As readers of my previous photo essays well know, another of my favourite places to visit is Long Johns Bridge in Upper Southwest Mabou: the beautiful views it affords of the Southwest Mabou River appear in many of them. Photo #1 looks downstream from Long Johns Bridge and was taken six hours later on the same day as the grey view from the Colindale guardrails; in the meantime, the sun had appeared and even some blue sky with it. This is the best photo I have showing the state of the colours at Long Johns Bridge on this Friday, the opening day of the Celtic Colours International Festival; given the later afternoon hour, the sun didn’t light up the trees in this view anywhere near as well as the morning sun in the other views on this page, but you can still see that, while there is some fall colour, mostly reds, few trees have changed while some others are only tentatively starting to change.
Photo #2 is essentially the same view as in photo #1, but taken two weeks later, on my final day in Cape Breton; that day was the best for photography of any during my stay and I took as full advantage of it as I was able, delaying my departure from the Mabou area until 14h. Many more of the trees here are now in full colour, with the oranges and yellows dominant, but with a good representation of the earlier reds as well. The mixed hardwood/softwood forest here guarantees that greens will appear, but very few of the deciduous trees have retained their summer greens.
Photo #3 is a wider-angled downstream view taken from the centre of the bridge. The lovely golden tree at the far left is glowing in the sunlight, a beautiful sight. Its neighbour to the right is one of the few deciduous trees that has kept most of its greens, though hints of colour can be seen at the tips of some of its branches. Through all these gorgeous colours, the lovely Southwest Mabou River flows on tranquilly, rather deeper than it was during this summer’s drought and deep enough to reflect the blues of the skies overhead. I find this peaceful scene simply enchanting; what a lovely place!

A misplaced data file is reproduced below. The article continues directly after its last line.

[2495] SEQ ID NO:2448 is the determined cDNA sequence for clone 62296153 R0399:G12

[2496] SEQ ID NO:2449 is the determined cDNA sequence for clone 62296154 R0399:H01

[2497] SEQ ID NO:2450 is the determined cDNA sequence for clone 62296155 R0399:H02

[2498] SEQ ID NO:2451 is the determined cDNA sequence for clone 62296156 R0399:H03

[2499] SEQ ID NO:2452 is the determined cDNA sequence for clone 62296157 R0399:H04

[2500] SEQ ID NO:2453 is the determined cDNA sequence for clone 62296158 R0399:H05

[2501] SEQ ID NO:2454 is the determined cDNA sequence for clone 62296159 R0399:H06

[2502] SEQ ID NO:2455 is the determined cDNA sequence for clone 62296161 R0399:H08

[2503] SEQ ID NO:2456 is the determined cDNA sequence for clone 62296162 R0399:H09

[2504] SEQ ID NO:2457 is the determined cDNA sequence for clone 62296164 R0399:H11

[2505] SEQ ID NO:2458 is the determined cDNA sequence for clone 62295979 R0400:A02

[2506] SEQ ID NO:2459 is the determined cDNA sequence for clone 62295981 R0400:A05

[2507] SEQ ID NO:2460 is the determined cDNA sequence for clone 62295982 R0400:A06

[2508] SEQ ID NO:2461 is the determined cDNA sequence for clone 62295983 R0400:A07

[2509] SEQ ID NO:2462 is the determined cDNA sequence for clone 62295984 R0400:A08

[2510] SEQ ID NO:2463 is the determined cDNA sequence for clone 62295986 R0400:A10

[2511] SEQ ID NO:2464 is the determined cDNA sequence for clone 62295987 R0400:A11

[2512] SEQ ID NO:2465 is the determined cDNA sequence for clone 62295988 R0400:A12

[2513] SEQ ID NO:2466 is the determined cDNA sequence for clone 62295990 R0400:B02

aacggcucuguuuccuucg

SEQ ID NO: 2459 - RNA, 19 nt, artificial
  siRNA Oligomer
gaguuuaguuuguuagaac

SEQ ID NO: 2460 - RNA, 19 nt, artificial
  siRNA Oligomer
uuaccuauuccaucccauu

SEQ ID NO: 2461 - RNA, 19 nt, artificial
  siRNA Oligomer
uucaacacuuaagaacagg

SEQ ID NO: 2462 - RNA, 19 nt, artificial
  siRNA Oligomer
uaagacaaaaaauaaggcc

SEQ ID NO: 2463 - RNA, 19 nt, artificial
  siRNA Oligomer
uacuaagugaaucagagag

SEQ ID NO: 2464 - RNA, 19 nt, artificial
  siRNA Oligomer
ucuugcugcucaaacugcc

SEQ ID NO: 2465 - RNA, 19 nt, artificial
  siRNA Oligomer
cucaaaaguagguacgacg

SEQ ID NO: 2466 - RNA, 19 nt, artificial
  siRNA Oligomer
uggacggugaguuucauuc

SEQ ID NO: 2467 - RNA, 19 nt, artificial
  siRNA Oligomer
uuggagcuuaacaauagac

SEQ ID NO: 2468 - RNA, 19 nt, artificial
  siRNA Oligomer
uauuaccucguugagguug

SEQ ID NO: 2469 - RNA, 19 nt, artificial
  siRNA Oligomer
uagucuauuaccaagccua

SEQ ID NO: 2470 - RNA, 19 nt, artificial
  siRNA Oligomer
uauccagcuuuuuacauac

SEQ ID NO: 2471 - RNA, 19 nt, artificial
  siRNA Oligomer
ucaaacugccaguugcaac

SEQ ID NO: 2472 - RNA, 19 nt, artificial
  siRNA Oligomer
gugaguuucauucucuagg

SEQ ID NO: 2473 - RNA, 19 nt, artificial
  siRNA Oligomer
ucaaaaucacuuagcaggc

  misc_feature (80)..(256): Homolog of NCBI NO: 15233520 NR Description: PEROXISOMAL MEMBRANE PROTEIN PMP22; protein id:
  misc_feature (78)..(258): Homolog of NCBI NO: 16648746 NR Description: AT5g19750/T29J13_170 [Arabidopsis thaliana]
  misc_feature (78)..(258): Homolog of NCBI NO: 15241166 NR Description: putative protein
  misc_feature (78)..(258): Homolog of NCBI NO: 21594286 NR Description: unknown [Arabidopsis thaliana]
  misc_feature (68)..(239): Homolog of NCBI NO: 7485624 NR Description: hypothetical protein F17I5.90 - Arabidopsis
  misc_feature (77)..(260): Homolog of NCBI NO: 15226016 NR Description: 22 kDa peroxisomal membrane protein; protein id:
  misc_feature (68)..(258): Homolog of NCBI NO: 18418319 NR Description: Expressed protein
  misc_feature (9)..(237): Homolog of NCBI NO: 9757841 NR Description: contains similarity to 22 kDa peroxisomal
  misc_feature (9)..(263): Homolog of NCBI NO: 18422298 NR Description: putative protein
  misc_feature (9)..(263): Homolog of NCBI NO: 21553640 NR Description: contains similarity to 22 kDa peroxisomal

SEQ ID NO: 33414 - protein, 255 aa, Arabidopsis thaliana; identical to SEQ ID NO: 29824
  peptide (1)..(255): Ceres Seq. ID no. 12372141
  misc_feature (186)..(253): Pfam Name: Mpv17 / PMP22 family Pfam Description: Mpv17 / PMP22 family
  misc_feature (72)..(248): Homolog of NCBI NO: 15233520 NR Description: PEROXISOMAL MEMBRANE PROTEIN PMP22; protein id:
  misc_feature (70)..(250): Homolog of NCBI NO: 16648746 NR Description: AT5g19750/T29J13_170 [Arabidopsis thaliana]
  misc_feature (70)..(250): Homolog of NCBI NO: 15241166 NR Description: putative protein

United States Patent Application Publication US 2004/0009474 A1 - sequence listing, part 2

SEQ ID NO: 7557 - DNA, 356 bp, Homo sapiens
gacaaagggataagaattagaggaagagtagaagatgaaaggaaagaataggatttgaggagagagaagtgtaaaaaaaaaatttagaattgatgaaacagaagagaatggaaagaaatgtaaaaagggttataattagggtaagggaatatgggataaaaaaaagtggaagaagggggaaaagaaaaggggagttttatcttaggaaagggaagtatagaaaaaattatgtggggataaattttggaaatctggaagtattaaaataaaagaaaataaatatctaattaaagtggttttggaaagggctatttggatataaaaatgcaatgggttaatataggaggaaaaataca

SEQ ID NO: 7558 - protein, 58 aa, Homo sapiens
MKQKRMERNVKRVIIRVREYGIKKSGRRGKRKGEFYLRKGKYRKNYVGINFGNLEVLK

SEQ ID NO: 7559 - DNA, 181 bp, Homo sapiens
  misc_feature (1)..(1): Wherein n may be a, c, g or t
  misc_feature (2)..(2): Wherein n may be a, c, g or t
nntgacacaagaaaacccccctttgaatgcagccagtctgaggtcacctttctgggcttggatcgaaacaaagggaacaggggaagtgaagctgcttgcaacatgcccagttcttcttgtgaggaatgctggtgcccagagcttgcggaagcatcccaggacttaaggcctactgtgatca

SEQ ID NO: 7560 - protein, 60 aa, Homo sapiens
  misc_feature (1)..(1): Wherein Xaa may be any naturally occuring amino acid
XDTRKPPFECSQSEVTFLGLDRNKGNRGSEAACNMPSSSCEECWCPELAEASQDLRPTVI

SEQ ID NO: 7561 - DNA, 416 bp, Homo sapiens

Photo #4 shows some of the beautiful trees on the west side of the river looking upstream. The reds of the trees at the right are most intense close to the water; they are attenuated higher from the ground, where they intermix with some yellow leaves and some unchanged green leaves. The yellows of the trees left of centre are similarly intense, becoming less so as the eye moves towards the reds at the right. Too bad such beauty is so fleeting!
Photo #5 looks further upstream where plenty of colours are visible in the sun, but here the yellows have it over the oranges and reds, though a few trees sporting those colours can be seen. The number of deciduous trees relative to the evergreens is significantly less than on the downstream side of the bridge. Also quite pretty is the tree in the upper middle above and to the left of the tree sporting the red branches in the centre; it has just begun to turn and is now showing an amalgam of greens and oranges—one wonders what colour it will ultimately wear once the change is complete. Orange, perhaps, like the tree below it and to the left?